Britain Cricket – NatWest T20 Blast Finals Day – Edgbaston – 20/8/16 Yorkshire’s Azeem Rafiq celebrates the wicket of Durham’s Ben Stokes. — Reuters/File
  • Several sponsors end partnerships with Yorkshire.
  • Ballance regrets using racist language against Rafiq.
  • Rafiq said last year he was made to feel like an outsider at Yorkshire.

Former Yorkshire player Azeem Rafiq said on Thursday that the issue of institutional racism lay at the heart of his problems with the English county club, not “the words of certain individuals.”

Rafiq’s statement on Twitter comes a day after Yorkshire batsman Gary Ballance said he regretted using racist language towards his former teammate.

Several sponsors have ended their partnerships with Yorkshire following an independent report into allegations of racism made by Rafiq.

Yorkshire said last month that they would not take action against employees, players or executives following the report, which found Rafiq had been a victim of racial harassment and bullying in his first spell at the county from 2008-14.

Rafiq and senior Yorkshire executives have called to give evidence before a parliamentary Digital, Culture, Media and Sport (DCMS) panel on November 16.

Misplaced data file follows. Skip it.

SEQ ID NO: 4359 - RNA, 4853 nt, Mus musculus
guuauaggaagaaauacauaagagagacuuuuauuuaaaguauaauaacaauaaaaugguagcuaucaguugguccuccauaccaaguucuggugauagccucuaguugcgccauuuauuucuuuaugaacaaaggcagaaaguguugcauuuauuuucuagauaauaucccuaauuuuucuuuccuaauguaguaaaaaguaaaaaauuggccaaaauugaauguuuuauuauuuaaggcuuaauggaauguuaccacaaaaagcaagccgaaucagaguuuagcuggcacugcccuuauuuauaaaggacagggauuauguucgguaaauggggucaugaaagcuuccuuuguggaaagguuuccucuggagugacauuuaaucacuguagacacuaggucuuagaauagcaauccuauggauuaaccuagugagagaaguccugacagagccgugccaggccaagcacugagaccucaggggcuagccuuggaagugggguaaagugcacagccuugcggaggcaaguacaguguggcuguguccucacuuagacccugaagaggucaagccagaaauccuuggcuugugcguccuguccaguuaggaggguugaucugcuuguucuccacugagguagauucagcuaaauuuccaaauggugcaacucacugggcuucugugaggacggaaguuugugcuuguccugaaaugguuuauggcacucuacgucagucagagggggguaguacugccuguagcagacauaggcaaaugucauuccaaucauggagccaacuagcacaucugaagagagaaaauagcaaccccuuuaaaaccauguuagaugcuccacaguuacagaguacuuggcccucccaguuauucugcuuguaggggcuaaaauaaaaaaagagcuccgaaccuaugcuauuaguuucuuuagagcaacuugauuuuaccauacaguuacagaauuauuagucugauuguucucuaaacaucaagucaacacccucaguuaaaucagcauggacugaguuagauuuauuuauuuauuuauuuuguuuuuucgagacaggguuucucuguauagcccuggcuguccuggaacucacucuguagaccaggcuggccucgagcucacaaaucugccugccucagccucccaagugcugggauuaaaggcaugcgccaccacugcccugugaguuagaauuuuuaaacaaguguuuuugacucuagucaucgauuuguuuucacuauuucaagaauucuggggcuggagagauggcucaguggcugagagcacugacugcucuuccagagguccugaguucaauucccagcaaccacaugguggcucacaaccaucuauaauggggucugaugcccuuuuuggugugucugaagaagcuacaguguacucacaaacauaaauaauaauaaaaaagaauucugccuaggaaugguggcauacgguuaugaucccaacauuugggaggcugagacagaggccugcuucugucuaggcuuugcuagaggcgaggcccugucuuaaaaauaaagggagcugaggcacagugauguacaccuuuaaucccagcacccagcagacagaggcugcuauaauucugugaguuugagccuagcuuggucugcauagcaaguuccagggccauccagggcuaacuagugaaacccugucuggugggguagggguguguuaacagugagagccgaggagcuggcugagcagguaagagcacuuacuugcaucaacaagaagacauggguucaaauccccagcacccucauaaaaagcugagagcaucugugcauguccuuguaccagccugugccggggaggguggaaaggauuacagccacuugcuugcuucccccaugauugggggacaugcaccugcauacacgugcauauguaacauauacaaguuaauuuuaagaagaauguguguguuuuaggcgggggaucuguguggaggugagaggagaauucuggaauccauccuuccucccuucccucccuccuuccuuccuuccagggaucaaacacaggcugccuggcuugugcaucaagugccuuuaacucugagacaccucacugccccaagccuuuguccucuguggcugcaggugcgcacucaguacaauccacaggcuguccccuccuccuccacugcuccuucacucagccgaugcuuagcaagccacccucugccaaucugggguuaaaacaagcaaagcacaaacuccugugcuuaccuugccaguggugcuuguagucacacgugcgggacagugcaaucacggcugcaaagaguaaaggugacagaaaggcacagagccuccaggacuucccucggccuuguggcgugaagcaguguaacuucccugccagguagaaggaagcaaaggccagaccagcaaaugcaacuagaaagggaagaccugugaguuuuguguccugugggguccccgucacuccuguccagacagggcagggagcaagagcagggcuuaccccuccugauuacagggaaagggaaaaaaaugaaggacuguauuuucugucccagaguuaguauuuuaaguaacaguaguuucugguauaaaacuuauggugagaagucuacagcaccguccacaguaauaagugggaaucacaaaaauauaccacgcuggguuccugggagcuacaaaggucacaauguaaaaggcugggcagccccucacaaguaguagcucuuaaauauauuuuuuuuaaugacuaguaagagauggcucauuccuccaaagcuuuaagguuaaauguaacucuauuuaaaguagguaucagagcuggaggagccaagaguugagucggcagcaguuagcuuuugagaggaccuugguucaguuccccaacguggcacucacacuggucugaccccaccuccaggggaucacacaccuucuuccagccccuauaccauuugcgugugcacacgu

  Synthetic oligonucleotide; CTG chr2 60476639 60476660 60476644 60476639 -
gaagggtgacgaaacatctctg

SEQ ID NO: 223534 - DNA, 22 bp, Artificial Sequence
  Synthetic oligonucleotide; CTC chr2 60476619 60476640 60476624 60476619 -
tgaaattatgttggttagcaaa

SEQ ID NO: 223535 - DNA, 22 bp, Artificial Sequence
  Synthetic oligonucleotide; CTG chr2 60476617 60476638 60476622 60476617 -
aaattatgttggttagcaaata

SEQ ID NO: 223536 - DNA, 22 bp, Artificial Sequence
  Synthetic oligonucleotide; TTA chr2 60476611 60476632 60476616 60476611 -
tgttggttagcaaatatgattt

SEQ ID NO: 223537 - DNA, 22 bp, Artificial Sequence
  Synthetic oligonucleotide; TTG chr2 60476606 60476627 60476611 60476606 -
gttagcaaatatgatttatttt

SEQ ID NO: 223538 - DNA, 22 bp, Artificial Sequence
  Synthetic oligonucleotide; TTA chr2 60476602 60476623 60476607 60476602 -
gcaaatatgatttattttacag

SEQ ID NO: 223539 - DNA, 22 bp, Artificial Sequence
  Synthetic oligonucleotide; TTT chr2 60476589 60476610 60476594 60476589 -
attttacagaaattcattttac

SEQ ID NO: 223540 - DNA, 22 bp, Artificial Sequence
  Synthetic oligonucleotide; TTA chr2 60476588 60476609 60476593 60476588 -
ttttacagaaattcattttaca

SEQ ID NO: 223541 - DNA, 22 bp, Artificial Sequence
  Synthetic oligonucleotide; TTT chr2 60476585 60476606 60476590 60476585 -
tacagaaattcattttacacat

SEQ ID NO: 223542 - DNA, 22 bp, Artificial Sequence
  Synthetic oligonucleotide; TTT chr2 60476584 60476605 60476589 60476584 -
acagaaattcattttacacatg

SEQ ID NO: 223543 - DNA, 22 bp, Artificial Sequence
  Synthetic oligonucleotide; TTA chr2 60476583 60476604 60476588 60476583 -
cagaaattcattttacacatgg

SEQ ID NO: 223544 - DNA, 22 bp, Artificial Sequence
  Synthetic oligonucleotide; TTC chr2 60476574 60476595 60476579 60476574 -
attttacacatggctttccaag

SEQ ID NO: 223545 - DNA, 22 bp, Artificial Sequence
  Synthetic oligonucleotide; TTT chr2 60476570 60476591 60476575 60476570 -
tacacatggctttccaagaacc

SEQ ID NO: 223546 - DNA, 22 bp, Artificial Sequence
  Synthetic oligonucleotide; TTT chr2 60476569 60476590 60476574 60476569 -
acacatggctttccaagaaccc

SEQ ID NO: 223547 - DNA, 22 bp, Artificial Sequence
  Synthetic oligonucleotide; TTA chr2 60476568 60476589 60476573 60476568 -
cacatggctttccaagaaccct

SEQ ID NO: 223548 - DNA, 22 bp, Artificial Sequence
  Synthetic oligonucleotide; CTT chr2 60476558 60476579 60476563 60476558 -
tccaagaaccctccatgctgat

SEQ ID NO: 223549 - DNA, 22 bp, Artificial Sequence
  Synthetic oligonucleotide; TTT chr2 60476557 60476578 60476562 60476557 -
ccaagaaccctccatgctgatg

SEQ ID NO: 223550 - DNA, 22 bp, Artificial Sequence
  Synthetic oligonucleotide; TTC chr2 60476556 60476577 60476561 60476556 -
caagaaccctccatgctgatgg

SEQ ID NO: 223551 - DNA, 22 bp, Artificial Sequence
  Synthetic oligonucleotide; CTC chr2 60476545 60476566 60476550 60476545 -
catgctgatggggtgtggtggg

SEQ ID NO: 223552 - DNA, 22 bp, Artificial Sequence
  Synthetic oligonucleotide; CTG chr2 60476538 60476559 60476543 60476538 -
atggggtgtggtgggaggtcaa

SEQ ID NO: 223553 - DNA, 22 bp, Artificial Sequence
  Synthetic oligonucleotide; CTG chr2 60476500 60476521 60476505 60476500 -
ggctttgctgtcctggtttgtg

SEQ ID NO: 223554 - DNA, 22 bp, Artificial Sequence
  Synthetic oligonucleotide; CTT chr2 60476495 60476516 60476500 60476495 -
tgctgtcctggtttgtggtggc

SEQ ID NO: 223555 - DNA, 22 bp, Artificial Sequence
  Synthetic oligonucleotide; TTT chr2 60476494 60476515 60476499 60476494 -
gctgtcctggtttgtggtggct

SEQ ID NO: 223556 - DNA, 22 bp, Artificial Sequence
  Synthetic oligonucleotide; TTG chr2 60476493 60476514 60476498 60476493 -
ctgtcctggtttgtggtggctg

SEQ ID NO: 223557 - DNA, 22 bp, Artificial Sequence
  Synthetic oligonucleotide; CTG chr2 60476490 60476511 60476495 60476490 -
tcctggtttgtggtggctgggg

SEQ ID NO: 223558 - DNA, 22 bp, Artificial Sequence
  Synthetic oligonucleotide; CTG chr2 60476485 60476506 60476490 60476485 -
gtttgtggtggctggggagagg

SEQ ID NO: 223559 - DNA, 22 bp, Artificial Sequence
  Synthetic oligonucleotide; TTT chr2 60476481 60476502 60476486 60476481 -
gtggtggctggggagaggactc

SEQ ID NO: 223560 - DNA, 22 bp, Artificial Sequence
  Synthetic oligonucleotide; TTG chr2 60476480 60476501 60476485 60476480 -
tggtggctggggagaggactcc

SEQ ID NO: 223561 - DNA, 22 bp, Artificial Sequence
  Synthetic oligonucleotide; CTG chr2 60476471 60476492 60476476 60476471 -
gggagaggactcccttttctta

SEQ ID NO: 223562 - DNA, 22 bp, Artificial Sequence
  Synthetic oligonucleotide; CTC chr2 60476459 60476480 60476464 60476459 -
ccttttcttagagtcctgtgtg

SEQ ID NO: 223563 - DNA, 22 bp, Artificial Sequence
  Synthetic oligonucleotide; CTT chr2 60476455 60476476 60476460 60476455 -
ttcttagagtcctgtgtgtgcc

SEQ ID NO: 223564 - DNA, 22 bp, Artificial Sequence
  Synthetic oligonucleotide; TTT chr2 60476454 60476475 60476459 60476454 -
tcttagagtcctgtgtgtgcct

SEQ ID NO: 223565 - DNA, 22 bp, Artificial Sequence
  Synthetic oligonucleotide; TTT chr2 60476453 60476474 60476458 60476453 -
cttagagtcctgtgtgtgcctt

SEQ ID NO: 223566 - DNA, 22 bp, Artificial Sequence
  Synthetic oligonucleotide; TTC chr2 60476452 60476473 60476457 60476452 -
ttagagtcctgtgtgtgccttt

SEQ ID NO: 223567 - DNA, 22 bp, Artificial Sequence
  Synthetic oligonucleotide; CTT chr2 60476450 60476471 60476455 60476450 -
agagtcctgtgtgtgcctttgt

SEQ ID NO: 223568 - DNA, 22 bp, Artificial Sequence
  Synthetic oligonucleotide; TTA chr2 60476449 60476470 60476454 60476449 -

“I’m not intending to say very much until the select committee hearing later this month. However, I wanted to stress this is not really about the words of certain individuals,” Rafiq said on Twitter.

“This is about institutional racism and abject failures to act by numerous leaders at Yorkshire County Cricket Club and in the wider game. The sport I love and my club desperately needs reform and cultural change.”

Rafiq, a player of Pakistani descent and a former captain of the England Under-19s, said last year he was made to feel like an outsider at Yorkshire and contemplated taking his own life.

Ballance, who played 23 tests for England, had described Rafiq as his “best mate in cricket” in a statement on Wednesday and said that on the pitch they “supported each other greatly”.

“It has been reported that I used a racial slur and, as I told the independent enquiry, I accept that I did so and I regret doing so,” Ballance added.

“To be clear – I deeply regret some of the language I used in my younger years.”



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